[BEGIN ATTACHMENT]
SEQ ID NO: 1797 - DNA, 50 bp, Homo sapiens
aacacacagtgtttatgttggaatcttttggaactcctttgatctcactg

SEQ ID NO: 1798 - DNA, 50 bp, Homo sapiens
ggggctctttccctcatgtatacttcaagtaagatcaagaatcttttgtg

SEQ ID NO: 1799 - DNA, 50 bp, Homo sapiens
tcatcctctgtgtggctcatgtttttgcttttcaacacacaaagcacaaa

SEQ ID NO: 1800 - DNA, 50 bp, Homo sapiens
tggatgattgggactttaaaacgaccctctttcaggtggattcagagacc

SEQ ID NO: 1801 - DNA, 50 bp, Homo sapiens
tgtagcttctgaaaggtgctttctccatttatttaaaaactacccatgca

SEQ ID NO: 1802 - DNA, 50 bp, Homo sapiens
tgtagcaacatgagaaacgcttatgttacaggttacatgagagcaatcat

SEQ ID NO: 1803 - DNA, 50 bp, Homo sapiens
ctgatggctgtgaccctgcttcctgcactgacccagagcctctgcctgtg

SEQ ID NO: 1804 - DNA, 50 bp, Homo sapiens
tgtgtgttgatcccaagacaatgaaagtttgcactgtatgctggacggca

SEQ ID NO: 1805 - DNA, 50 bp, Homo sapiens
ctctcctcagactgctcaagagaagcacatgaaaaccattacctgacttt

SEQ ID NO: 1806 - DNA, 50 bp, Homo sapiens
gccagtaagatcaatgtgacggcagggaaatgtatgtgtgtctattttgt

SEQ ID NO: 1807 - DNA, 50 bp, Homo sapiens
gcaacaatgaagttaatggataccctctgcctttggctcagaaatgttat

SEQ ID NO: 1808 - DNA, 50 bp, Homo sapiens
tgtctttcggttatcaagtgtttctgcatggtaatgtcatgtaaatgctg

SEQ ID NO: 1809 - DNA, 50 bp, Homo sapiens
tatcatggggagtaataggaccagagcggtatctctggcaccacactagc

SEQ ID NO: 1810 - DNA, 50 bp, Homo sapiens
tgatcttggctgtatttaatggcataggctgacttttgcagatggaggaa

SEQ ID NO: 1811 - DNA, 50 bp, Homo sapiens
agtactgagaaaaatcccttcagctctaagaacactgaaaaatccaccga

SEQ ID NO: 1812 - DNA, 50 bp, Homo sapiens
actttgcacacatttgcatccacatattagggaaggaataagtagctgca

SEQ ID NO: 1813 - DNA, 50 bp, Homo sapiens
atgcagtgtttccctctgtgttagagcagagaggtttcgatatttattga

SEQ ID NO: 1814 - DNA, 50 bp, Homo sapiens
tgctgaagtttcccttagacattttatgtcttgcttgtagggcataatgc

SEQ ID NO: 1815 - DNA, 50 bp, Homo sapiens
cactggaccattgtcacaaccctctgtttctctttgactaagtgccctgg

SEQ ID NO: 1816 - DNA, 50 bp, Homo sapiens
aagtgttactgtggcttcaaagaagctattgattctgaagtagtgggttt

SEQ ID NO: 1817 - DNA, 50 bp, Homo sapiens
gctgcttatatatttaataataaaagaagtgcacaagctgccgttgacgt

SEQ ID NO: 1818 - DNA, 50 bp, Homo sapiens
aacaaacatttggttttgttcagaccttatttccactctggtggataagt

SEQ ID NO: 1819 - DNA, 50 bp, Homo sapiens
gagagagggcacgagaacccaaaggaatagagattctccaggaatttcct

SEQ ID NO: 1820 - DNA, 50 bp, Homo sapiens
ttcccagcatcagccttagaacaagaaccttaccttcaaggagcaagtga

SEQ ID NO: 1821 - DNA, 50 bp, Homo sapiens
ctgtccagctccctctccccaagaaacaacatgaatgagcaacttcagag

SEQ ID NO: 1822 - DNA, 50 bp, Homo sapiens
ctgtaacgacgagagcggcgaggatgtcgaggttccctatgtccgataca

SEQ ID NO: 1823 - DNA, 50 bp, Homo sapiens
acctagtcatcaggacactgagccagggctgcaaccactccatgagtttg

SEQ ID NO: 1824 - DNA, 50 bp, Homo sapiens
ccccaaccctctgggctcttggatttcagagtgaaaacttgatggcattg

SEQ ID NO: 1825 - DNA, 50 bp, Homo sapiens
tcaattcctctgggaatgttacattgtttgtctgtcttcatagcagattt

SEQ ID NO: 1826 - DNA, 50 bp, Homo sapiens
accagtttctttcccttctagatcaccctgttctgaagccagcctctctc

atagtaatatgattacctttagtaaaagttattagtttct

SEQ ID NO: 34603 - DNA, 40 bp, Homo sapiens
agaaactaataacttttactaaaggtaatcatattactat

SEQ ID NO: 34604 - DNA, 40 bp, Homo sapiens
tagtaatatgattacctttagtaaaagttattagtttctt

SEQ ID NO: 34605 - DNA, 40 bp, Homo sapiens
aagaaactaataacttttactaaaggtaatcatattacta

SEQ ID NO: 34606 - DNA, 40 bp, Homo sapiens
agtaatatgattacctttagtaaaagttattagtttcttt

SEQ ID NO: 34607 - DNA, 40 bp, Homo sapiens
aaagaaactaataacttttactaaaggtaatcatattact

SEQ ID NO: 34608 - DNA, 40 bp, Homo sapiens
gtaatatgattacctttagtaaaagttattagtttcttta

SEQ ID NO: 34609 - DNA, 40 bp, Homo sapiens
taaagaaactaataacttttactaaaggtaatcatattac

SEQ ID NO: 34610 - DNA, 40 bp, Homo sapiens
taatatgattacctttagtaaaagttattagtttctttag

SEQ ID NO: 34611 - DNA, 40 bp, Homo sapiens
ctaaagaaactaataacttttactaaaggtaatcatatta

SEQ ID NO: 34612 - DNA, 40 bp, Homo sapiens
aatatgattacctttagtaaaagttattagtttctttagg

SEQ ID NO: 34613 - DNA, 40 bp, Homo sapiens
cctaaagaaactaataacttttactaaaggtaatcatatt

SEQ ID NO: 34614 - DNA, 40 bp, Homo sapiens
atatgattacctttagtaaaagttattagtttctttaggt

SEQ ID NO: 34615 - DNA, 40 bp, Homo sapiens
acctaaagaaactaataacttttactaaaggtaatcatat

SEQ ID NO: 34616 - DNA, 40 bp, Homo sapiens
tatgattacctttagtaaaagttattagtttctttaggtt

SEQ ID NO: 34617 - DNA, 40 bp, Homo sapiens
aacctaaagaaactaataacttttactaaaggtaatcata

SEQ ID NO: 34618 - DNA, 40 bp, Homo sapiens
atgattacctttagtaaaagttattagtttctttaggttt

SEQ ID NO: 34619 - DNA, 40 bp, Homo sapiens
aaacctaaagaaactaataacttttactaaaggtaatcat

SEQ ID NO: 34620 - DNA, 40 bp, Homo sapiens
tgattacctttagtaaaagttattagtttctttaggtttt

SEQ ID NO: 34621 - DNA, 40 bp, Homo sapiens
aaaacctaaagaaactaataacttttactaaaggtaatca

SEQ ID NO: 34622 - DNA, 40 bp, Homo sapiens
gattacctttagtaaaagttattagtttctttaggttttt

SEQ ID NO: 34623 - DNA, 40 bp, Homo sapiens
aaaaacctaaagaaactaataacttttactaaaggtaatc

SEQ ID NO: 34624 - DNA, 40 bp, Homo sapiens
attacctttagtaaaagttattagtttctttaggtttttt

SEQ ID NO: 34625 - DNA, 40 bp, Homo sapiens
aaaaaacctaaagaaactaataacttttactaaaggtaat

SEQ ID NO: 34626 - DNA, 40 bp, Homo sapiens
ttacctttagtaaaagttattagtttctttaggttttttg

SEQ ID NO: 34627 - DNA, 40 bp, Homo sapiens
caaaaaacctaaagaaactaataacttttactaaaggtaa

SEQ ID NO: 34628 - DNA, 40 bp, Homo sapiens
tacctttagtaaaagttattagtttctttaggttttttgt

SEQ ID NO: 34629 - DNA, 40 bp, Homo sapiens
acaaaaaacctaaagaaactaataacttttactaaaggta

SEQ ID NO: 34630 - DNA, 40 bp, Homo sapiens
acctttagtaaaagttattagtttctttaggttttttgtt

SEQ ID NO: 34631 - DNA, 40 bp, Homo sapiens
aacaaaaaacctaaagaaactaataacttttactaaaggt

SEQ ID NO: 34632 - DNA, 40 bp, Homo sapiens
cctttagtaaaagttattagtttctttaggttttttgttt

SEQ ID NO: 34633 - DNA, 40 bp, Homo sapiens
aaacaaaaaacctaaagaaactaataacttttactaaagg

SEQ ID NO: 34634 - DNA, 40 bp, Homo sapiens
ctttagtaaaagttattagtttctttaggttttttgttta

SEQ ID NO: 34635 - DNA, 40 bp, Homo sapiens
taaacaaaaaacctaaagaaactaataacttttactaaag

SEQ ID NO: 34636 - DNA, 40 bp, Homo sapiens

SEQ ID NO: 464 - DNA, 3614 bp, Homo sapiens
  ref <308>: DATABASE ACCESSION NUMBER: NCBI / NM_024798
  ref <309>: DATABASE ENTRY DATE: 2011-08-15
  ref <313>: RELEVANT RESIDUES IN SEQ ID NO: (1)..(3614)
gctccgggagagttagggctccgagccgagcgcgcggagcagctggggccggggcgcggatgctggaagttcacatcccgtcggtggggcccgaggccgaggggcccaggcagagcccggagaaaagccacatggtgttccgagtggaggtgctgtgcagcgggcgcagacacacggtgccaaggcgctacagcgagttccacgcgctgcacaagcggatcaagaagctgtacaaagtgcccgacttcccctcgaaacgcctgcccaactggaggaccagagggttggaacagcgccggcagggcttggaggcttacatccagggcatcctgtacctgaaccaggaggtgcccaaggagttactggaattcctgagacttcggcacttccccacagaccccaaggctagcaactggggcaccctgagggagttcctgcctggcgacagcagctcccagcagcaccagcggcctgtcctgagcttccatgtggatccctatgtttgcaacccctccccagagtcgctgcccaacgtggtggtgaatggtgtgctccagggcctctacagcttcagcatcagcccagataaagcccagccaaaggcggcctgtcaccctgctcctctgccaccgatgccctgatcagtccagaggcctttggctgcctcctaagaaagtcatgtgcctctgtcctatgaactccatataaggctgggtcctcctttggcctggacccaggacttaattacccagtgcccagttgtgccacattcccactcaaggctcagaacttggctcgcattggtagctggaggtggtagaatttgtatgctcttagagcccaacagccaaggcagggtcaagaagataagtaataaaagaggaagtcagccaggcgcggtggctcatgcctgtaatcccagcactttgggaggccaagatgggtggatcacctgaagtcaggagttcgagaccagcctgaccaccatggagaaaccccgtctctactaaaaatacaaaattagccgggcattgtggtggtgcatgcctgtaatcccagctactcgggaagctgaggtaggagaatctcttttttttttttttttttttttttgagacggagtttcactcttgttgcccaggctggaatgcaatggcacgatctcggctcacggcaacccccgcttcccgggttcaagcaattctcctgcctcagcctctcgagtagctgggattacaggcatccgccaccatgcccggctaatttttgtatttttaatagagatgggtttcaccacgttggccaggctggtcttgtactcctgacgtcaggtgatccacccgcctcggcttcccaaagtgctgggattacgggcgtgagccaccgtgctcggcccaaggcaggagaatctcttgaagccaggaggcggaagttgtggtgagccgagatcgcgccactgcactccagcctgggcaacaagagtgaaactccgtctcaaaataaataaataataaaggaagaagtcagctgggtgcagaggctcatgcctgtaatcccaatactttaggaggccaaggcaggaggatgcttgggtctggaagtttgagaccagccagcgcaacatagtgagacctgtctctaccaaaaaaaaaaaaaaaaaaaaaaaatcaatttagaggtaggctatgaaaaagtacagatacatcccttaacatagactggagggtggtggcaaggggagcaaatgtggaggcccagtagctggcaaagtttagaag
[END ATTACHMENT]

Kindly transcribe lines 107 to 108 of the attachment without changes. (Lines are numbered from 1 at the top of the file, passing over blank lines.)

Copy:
aaaaaacctaaagaaactaataacttttactaaaggtaat

SEQ ID NO: 34626 - DNA, 40 bp, Homo sapiens